social networking: a rapid? an eddy? a meandering stream?

August 24, 2009

@LindaTietjen today posted an interesting comment about Twitter vs. Facebook and made me stop and think for a minute about what I like and  how I use social networking in general and specifically how I use each of these two services differently.

To use a water analogy I see the whole of  social networking as a river.  Facebook is an eddy, off to the side, somewhat protected and calm(ish). Twitter is a a Class 3-4 rapid running right through the middle. Takes a bit of technical prowess to navigate- and when it gets to be too much I sometimes bail out for a bit and walk around. For the most part, as long as I can pick my path (via Tweetdeck) I even enjoy it and often tame that rapid into a much more gentle, meandering stream.

To get out of the analogy and into reality- although I post all updates to both, Facebook for me is to connect with people and engage in personal conversations. I do have personal/professional relationships on Twitter but mostly use direct message for those conversations and they tend to be pointed, and lead to further conversation in a more expanded venue (Instant Messaging, email, or even face to face or telephone). On a day to day basis, though, I use Tweetdeck to manage the volume and track topics and people interesting to me. I hardly ever read my All Friends feed… it’s too much! But when I use Groups to track the people for whom I want to be sure I catch every tweet, or Search to see what people are posting about topics, it allows me to focus and draw from the stream only what I am interested in that day.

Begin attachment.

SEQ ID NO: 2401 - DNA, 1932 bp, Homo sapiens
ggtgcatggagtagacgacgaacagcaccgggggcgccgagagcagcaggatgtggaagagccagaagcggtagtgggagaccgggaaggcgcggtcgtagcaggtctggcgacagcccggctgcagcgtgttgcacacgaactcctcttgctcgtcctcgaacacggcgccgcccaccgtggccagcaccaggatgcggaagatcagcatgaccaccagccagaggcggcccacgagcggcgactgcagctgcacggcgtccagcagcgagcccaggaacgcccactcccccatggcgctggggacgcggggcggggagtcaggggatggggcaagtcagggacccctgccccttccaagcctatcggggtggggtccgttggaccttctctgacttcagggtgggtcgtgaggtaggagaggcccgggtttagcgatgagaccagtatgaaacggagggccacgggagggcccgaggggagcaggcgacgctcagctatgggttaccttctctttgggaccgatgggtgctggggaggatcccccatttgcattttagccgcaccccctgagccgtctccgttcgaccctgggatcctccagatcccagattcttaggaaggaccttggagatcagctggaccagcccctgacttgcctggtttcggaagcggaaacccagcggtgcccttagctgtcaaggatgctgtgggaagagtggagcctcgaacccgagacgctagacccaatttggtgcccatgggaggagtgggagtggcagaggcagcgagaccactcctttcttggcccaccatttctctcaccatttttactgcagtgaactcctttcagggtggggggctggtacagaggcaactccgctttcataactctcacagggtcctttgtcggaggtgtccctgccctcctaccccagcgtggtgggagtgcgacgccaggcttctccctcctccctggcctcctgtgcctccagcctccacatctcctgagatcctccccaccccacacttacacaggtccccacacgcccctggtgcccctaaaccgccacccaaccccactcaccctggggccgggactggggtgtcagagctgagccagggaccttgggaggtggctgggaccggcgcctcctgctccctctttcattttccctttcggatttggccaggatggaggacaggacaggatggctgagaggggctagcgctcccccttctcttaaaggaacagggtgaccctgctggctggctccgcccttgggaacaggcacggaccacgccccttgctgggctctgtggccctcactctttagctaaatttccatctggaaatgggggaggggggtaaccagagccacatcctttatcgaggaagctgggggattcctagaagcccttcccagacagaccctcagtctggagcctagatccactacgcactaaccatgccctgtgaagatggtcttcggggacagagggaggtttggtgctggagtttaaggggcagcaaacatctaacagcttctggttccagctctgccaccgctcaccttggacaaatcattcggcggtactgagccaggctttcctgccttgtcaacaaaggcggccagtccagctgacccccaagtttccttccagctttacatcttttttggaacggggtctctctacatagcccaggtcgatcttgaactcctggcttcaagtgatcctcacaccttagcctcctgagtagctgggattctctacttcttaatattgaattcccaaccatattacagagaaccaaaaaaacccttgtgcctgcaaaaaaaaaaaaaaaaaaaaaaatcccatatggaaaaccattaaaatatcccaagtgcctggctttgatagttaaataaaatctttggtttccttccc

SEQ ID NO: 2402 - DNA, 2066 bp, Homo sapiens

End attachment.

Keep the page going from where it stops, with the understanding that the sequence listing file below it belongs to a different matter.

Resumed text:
I love that Twitter is so huge and fast moving and continuing to grow.  I love that there are other applications building on or creating alternative versions of communication applications.  I believe that accessibility, mobility (you can participate in so much of social networking by phone) and the resulting spread of these services are making the potential of social networking ever stronger.  In a strong and dynamic network, any of us can draw out the little bits that are meaningful for ourselves.  The presence of the stream allows us to leverage mass collaboration without requiring additional structures or communication mechanisms, and, when that pool is rich and diverse, growing each day, the likelihood is greater that the quality and range of what I will be able to draw is worth them time and energy of participating and contributing to the stream myself.

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